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Arnett Lab | Caregiver and Child Resources | Overview

The goal of our video blog is to summarize ADHD-related research and discuss implications for day-to-day care of children with ADHD. We hope that you find the content in our videos to be entertaining and helpful! Thank you!

-The Arnett Lab

Latest Episode

Episode 6: Answers through ADHD Research: Comorbidity in ADHD 


Comorbidity is when a child or adolescent meets criteria for more than one disorder. A national study found that approximately 50% of children with ADHD meet criteria for an additional disorder. Some of the most common symptoms and comorbid diagnoses that children with ADHD experience are anxiety, depression, behavioral disorders like oppositional defiance, and learning disorders like dyslexia.

In a twin study published by Erik Willcutt and colleagues (2007), these researchers showed that genes that contribute to ADHD also contribute to dyslexia; these “shared genetic factors” are found for other comorbidities as well. Another reason for comorbidity in ADHD is that ADHD is a disorder of dysregulation, and this includes dysregulated emotions as well as dysregulated attention and behavior. A study by Tracey Tsang (2015) found that children with ADHD who also have a coexisting disorder tend to have more severe ADHD symptoms and more functional impairment, indicating that increased dysregulation seems to affect children across multiple symptom domains. Finally, sometimes coexisting disorders are secondary to the ADHD symptoms themselves. For example, a child with ADHD may have more difficulty in school, and therefore experience stress or low self-esteem due to their ADHD diagnosis.

Families can support their children at home by carefully monitoring coexisting symptoms and consulting with a child psychologist if these additional symptoms interfere with the child’s functioning. Oftentimes, behavioral, or pharmacological treatment for ADHD can also improve coexisting symptoms. However, if the additional symptoms do not get better, we recommend seeking evidence-based treatment for that coexisting condition.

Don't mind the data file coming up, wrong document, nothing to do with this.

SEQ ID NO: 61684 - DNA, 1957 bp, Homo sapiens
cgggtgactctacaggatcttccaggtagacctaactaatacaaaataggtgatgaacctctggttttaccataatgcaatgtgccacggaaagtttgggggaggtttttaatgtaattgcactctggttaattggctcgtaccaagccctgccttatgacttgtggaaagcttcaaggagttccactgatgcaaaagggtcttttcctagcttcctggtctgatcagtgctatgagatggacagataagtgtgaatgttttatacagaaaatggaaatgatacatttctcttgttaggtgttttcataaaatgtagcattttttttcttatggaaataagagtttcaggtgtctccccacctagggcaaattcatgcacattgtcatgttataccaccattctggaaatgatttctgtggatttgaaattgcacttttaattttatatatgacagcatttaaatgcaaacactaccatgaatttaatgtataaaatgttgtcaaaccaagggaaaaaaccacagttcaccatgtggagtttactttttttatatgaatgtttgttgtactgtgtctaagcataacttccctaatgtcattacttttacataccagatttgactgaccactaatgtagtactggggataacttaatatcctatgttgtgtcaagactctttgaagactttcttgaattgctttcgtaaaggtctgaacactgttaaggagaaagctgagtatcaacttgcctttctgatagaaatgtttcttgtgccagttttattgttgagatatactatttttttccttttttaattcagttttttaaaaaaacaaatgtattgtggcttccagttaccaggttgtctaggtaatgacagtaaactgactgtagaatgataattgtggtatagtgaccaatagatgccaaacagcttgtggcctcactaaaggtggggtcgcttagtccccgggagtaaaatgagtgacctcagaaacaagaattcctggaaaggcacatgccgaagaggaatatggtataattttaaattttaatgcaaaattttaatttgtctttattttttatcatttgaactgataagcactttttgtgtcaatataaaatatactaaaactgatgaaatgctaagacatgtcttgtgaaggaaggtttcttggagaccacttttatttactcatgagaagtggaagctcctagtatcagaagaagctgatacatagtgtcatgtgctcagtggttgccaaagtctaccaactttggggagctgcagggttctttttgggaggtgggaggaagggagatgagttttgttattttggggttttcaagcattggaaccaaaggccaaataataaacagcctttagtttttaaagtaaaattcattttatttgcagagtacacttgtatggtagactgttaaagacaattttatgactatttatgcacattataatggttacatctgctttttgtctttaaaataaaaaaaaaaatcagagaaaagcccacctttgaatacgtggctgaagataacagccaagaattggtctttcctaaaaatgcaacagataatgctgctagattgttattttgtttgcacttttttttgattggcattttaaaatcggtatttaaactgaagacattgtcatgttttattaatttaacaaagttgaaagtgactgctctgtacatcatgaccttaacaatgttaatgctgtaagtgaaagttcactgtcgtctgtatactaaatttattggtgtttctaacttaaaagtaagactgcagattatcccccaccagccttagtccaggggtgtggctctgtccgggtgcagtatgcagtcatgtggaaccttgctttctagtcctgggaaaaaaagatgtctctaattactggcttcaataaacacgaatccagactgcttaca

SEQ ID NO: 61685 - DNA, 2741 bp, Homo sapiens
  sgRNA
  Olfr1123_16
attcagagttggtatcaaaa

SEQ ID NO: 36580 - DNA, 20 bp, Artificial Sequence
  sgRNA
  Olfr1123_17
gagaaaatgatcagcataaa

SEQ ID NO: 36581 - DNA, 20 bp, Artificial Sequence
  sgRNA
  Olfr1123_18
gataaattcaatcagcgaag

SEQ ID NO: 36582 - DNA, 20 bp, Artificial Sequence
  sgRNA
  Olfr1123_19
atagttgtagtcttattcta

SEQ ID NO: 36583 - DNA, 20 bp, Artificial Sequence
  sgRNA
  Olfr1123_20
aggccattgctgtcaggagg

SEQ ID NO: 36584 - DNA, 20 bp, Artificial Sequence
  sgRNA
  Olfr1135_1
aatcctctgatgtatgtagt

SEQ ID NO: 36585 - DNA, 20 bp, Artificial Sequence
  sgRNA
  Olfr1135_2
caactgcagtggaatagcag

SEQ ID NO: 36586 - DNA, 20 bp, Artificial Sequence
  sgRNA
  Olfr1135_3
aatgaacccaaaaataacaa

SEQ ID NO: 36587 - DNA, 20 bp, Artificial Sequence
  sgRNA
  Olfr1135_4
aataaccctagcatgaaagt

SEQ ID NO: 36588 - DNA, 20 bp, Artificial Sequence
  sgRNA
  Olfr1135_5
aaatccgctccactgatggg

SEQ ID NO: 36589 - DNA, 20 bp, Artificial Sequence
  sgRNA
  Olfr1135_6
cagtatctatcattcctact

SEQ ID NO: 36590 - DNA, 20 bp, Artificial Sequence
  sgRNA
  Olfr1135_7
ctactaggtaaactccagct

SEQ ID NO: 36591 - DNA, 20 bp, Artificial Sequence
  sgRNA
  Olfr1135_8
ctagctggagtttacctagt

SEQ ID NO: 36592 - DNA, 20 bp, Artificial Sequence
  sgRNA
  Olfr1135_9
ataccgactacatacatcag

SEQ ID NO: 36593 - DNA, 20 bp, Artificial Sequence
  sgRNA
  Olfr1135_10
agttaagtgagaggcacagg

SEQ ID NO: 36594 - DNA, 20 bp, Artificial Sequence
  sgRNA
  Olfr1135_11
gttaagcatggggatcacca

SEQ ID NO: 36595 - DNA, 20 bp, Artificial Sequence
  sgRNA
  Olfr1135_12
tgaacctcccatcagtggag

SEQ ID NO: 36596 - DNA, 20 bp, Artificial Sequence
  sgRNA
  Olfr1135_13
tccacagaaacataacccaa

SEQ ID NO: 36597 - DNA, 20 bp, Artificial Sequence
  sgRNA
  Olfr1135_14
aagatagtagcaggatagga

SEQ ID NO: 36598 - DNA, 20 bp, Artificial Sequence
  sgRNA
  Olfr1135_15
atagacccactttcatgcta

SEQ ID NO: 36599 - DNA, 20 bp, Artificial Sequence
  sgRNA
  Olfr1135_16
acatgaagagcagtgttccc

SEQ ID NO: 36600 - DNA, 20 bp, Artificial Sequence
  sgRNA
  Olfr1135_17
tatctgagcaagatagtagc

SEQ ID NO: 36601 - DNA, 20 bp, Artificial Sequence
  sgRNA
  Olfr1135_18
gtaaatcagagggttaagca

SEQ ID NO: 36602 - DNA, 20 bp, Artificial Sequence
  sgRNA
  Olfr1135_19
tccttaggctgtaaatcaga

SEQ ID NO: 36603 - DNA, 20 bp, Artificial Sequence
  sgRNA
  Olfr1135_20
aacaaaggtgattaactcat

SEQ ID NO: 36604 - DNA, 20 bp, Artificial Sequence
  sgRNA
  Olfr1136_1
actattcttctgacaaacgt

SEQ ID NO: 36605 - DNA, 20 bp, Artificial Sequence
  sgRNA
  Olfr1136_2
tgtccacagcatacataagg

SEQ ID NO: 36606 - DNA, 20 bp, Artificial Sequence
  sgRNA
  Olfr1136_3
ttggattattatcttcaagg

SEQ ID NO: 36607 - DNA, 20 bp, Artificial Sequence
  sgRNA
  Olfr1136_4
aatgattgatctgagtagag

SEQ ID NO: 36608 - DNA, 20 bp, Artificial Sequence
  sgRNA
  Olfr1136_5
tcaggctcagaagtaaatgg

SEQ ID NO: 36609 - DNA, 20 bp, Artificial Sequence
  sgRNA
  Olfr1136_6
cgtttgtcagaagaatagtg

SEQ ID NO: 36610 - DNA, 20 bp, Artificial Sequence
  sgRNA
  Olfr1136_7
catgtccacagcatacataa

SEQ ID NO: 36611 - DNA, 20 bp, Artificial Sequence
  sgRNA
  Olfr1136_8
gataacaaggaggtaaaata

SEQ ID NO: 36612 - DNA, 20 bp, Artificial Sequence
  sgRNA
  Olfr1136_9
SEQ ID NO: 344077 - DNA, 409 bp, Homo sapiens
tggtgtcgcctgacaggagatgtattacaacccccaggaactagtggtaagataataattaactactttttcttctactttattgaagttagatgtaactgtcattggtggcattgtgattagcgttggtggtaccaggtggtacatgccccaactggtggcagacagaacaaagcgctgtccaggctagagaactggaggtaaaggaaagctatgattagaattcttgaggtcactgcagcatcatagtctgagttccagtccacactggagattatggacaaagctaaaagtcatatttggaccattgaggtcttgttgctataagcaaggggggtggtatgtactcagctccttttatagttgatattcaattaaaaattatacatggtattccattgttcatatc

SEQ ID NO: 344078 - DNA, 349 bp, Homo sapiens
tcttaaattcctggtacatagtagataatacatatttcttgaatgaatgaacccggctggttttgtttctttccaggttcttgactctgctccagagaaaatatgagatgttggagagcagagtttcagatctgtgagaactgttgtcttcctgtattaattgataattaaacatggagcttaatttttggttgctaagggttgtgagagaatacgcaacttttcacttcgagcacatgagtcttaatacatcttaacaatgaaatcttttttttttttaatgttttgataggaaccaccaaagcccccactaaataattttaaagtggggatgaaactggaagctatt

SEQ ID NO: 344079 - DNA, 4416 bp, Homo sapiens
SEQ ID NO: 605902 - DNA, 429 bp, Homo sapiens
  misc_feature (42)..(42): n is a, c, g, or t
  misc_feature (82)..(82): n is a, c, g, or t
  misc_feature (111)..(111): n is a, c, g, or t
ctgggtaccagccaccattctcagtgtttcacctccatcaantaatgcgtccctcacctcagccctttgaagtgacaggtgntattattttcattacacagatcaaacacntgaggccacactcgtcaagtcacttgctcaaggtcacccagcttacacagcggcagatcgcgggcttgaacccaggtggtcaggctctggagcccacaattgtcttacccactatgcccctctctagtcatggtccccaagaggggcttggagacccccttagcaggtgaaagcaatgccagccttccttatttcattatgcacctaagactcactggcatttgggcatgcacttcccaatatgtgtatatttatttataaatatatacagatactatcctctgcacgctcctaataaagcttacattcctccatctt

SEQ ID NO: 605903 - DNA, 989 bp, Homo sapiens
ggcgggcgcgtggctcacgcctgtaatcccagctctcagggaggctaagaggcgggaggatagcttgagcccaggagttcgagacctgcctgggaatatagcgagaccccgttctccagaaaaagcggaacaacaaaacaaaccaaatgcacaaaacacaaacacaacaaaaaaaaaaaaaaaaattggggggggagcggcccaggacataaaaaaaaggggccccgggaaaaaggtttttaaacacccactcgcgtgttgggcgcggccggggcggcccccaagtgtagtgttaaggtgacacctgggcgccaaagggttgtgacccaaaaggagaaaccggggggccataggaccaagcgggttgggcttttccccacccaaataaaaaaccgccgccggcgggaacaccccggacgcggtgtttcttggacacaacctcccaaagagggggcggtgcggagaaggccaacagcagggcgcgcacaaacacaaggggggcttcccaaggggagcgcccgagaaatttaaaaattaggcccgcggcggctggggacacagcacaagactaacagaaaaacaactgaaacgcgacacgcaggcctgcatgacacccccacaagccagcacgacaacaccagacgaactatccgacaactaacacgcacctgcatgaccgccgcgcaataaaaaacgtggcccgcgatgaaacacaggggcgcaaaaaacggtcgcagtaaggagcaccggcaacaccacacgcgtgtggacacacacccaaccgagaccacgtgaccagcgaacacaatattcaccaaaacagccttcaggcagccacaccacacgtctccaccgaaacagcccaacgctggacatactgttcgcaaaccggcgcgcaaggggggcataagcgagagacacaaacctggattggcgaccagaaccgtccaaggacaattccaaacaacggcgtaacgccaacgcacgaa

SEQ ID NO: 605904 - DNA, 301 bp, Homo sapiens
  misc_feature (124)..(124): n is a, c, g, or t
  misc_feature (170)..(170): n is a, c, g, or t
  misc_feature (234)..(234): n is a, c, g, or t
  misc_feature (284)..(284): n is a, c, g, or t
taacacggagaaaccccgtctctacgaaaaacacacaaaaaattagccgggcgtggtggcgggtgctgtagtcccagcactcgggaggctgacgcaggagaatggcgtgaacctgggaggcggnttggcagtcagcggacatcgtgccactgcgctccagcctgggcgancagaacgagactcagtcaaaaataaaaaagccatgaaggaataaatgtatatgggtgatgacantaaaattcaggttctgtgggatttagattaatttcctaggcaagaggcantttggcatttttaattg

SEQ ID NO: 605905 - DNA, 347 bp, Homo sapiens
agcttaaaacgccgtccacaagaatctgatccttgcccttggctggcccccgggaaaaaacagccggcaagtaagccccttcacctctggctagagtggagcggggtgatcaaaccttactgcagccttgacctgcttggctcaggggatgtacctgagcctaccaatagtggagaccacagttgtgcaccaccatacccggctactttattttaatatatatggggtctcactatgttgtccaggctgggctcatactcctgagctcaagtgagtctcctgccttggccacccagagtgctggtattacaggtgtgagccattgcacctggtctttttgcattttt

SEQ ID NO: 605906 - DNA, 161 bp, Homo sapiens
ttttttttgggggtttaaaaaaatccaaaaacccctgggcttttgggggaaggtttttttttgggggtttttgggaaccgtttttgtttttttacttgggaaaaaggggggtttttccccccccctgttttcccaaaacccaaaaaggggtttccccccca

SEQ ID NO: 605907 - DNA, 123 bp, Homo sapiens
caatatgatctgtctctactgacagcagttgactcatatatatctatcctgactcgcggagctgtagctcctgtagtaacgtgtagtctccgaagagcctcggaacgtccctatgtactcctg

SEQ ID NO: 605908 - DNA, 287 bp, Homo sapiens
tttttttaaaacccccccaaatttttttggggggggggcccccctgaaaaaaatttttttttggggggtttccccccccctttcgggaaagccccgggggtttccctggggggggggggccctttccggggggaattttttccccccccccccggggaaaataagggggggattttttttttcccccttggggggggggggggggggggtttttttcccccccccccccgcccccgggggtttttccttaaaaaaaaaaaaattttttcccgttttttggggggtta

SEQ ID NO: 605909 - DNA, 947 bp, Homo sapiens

Biederman, J., Monuteaux, M. C., Spencer, T., Wilens, T. E., & Faraone, S. V. (2009). Do stimulants protect against psychiatric disorders in youth with ADHD? A 10-year follow-up study. Pediatrics, 124(1), 71-78.

Larson, K., Russ, S. A., Kahn, R. S., & Halfon, N. (2011). Patterns of comorbidity, functioning, and service use for US children with ADHD, 2007. Pediatrics, 127(3), 462-470.

Reimherr, F. W., Marchant, B. K., Gift, T. E., & Steans, T. A. (2017). ADHD and anxiety: clinical significance and treatment implications. Current psychiatry reports, 19(12), 1-10.

Shapero, B. G., Gibb, B. E., Archibald, A., Wilens, T. E., Fava, M., & Hirshfeld-Becker, D. R. (2021). Risk factors for depression in adolescents with ADHD: the impact of cognitive biases and stress. Journal of Attention Disorders, 25(3), 340-354.

Song, M., Dieckmann, N. F., & Nigg, J. T. (2019). Addressing discrepancies between ADHD prevalence and case identification estimates among US children utilizing NSCH 2007-2012. Journal of Attention Disorders, 23(14), 1691-1702.

Tsang, T. W., Kohn, M. R., Efron, D., Clarke, S. D., Clark, C. R., Lamb, C., & Williams, L. M. (2015). Anxiety in Young People With ADHD: Clinical and Self-Report Outcomes. Journal of Attention Disorders, 19(1), 18–26.

Uchida, M., Spencer, T. J., Faraone, S. V., & Biederman, J. (2018). Adult outcome of ADHD: an overview of results from the MGH longitudinal family studies of pediatrically and psychiatrically referred youth with and without ADHD of both sexes. Journal of attention disorders, 22(6), 523-534.

Willcutt, E. G., Pennington, B. F., Olson, R. K., & DeFries, J. C. (2007). Understanding comorbidity: A twin study of reading disability and attention-deficit/hyperactivity disorder. American Journal of Medical Genetics Part B: Neuropsychiatric Genetics, 144(6), 709-714.